Here's part of what he says:
She has even been, yes, a bestselling author. Her 2004 memoir “Confessions of an Heiress” debuted at No. 7 on the New York Times Bestseller List. And I suspect there are more than a few of us reading (and writing) this blog who would gladly trade their knucklebones for that.
So what can we learn from Paris Hilton? As Dave White would say, “Prepare for awesomeness.” Because I have done rigorous research – and I think we can all agree that ten minutes reading the free pages of her memoir posted on Google Books qualifies as “rigorous” – and come up with…
TEN THINGS CRIME FICTION WRITERS CAN LEARN FROM PARIS HILTON
My reason for writing this is not just to link to the post or introduce you to the blog and suggest you subscribe although both are good things to do.
My reason is this: I'd never heard of Brad Parks before 10:30am today and now I both know who he is, and have bought his book. If you're a writer, you ll want to pay attention to how that happened because you really want total strangers to find you, think you're a good writer, and buy your book.
Here's how it worked:
First, he is pals with at least one of the writers who is a regular contributor to the blog Do Some Damage.
Second, Brad Parks
But I'd never heard of the blog, and I didn't read it regularly. The crucial middleman here is
Step three: Sophie Littlefield.
I do know Sophie, but more importantly I follow her on Twitter. This morning, as I drank coffee and checked twitter to see what fresh conspiracies were being hatched by the fabulosity of clients, I saw this tweet:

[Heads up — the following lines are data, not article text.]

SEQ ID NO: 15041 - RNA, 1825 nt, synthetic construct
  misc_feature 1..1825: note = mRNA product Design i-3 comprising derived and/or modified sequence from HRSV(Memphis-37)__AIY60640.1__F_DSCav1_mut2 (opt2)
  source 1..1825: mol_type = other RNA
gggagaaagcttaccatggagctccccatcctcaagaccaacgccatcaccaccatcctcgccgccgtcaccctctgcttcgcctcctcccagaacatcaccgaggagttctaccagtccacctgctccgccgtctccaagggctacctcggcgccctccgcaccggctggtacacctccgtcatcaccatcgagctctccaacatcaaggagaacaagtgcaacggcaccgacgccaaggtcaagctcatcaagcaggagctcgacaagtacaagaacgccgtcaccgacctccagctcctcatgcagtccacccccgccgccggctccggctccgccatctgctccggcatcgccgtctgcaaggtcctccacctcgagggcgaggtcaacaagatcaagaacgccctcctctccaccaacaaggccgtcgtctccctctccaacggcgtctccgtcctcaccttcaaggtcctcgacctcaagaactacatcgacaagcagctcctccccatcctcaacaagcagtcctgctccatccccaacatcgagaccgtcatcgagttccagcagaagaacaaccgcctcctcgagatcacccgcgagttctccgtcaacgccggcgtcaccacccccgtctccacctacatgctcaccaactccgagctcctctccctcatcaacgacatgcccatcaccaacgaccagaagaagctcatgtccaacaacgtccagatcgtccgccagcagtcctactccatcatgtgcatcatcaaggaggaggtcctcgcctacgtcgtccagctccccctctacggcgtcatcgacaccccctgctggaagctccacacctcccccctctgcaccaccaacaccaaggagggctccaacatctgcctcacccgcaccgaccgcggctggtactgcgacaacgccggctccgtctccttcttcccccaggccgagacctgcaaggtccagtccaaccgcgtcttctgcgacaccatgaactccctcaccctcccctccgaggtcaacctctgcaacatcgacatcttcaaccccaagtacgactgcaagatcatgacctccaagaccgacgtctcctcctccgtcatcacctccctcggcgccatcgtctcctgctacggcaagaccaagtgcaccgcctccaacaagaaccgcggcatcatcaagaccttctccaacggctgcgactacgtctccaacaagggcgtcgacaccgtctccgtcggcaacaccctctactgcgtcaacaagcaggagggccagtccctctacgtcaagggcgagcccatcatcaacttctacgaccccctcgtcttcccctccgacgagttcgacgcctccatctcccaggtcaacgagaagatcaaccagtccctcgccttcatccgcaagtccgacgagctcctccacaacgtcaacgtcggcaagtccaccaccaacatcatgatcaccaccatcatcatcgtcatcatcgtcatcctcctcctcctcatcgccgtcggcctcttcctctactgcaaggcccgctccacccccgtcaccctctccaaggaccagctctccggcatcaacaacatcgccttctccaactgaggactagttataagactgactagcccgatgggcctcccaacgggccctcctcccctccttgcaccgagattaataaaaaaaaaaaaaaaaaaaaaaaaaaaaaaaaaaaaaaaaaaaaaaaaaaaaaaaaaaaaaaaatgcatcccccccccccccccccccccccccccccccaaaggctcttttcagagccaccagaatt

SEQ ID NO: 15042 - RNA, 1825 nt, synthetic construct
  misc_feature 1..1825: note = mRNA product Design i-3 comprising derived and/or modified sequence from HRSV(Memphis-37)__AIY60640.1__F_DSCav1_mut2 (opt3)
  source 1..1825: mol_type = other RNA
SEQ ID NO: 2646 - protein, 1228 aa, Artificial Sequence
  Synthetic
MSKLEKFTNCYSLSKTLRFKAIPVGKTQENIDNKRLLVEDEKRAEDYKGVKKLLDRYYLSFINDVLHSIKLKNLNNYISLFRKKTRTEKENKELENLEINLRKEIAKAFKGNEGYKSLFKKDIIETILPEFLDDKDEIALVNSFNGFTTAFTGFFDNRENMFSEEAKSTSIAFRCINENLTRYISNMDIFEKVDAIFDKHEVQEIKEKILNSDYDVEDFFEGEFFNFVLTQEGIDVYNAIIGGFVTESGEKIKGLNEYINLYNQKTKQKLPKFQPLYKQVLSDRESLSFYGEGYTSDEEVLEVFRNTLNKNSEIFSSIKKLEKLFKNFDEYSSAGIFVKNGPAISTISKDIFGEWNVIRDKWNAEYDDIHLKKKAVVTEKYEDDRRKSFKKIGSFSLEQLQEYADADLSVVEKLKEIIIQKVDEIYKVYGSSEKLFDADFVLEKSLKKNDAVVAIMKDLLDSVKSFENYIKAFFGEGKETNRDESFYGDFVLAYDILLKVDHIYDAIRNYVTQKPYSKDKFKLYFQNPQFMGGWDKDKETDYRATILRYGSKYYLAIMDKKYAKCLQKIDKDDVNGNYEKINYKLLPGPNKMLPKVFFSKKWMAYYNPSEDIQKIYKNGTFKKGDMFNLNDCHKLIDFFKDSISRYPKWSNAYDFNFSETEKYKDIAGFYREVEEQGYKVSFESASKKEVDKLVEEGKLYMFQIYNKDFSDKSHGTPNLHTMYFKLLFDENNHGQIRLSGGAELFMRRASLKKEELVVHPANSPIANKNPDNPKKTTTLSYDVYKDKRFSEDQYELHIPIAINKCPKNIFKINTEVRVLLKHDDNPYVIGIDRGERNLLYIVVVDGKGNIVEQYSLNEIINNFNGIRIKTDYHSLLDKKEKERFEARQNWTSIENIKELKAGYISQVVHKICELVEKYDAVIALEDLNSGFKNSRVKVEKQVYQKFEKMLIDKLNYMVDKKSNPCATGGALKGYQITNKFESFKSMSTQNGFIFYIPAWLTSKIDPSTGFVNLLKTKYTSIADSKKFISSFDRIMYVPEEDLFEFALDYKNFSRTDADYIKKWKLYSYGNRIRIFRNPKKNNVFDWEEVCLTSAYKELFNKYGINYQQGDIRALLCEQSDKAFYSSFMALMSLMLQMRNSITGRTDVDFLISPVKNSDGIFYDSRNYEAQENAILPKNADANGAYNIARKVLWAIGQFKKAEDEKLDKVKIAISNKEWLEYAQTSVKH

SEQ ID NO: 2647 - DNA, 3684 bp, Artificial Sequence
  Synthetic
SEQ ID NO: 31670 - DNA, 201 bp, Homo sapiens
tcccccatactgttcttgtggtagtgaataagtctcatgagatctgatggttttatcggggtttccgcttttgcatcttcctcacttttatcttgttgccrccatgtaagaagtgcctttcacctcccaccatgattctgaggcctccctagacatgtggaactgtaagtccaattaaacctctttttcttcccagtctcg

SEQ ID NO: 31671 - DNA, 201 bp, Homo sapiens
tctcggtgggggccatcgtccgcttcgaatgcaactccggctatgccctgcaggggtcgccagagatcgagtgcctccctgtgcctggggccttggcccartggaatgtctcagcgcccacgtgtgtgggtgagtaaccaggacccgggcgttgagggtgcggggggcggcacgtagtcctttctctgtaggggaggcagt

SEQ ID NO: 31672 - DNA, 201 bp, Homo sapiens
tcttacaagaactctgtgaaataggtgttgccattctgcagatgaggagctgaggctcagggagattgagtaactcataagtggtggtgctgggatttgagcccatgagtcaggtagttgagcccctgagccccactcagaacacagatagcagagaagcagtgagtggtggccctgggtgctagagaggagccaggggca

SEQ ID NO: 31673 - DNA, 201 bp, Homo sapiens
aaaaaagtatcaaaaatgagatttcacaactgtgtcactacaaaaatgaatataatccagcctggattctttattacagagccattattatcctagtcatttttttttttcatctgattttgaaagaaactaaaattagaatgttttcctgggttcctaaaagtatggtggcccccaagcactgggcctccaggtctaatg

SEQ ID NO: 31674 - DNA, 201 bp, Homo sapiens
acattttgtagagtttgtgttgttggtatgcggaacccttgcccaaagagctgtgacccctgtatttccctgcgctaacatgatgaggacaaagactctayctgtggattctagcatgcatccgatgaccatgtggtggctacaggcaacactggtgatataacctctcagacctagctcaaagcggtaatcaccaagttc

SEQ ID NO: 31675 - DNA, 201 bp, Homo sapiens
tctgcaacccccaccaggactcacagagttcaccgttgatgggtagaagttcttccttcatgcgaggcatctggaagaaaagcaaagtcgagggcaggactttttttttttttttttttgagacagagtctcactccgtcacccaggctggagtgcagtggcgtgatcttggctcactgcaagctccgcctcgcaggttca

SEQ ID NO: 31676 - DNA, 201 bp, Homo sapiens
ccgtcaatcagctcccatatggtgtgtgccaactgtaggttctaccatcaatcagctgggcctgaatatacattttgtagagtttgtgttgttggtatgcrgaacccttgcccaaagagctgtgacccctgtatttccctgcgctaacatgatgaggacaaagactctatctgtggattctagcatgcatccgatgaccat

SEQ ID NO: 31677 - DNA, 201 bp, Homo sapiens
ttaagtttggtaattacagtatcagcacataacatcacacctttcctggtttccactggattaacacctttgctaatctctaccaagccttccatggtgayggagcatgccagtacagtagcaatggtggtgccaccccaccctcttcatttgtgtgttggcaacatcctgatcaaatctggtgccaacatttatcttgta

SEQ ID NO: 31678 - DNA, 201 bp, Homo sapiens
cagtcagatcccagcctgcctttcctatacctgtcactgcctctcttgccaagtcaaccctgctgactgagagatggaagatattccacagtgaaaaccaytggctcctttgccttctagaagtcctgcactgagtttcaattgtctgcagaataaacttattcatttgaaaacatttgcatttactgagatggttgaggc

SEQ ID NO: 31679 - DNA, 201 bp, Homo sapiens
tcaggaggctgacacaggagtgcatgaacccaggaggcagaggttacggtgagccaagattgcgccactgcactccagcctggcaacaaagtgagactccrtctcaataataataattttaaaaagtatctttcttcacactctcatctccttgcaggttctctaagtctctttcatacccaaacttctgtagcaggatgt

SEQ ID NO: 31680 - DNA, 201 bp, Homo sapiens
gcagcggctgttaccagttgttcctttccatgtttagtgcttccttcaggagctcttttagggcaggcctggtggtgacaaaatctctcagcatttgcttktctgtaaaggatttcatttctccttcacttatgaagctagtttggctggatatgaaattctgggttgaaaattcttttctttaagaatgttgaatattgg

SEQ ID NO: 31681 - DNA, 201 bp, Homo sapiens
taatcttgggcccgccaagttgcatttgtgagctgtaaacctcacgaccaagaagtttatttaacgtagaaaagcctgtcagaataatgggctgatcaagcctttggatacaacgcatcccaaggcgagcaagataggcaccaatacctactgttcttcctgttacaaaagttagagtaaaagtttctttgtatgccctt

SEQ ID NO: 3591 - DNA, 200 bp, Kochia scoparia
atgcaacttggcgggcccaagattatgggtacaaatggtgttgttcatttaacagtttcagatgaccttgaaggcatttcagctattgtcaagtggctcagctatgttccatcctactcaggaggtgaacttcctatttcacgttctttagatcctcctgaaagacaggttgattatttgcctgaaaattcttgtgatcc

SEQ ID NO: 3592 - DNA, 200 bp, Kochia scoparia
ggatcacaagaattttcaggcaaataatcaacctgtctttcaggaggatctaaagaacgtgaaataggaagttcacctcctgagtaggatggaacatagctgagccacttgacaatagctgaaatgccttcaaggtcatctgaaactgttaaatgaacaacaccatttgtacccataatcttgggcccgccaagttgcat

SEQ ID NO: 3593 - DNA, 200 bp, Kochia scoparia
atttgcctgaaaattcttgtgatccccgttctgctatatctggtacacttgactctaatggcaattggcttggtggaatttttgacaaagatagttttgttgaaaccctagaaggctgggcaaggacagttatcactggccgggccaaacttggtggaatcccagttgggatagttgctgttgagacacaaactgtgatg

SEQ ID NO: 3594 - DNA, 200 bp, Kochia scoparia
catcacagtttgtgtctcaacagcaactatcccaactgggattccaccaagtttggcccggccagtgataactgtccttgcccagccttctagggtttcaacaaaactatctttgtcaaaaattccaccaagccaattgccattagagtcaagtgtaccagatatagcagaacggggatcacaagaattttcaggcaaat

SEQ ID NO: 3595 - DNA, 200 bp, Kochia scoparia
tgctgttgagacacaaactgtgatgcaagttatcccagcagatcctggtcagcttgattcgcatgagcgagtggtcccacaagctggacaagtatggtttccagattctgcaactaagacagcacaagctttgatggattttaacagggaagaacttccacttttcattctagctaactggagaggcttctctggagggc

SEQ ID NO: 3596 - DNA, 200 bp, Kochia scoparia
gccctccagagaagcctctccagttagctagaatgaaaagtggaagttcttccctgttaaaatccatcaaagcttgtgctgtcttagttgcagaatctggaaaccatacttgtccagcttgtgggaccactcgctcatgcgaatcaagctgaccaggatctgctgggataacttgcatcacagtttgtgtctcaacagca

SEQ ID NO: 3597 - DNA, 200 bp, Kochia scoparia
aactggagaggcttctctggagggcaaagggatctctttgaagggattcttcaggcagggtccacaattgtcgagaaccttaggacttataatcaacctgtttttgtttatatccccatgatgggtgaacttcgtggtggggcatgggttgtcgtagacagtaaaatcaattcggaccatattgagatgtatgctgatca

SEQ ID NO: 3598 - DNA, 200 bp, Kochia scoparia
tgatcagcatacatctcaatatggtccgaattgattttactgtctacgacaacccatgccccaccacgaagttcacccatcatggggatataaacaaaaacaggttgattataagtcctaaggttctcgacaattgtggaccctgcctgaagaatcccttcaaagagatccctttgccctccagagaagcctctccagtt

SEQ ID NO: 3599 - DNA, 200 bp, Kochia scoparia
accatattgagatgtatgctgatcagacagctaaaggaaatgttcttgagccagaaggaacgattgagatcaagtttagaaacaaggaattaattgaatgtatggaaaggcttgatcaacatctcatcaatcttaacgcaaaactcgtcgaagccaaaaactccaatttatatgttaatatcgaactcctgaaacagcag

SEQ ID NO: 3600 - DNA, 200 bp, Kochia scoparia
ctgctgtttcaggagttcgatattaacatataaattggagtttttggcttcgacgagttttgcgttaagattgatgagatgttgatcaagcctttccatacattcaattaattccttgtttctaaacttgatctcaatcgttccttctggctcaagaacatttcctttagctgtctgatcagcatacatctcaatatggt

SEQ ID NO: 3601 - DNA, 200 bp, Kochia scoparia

swlittlefield: "Oh, that Brad Parks is so funny - had no idea he was so tight with Paris http://dosomedamage.blogspot.com/2009/12/faces-of-divas.html"
And I clicked on the link.
Sophie may know Brad, or she may know Dave White. Knowing Sophie as I do, she probably knows both and they think she's the cat's pjs just like I do. Sophie is one of those people that can make things happen for people. How do you know who those people are? You don't. You just meet as many people as you can and hope that one of them is a Sophie Littlefield.
But to return to the clickage trail: I clicked on the link and I read the post. And I thought Brad Parks IS funny. But I also think he makes a good point.
So I clicked the link to see about his book.
And it had some good reviews.
So I bought it.
And then I bought another book so I could get free shipping (a book I saw mentioned on Erin McKean's blog A Dress A Day)
Book promotion isn't just guest blogging, or getting good reviews, or making friends with other authors. It's all of those things coming together. Doing just one wouldn't have gotten my one-click purchase. Brad Parks had to do ALL of them, and even then had to be one degree of separation from me, via Sophie Littlefield.
This is why you go to conferences, why you tweet, why you blog.
This is why you do it twenty minutes a day, every day.
There is no direct correlation between how much you do and how successful you'll be. There's a huge dollop of serendipity at work here.
But it worked today for Brad Parks. And it can work for you.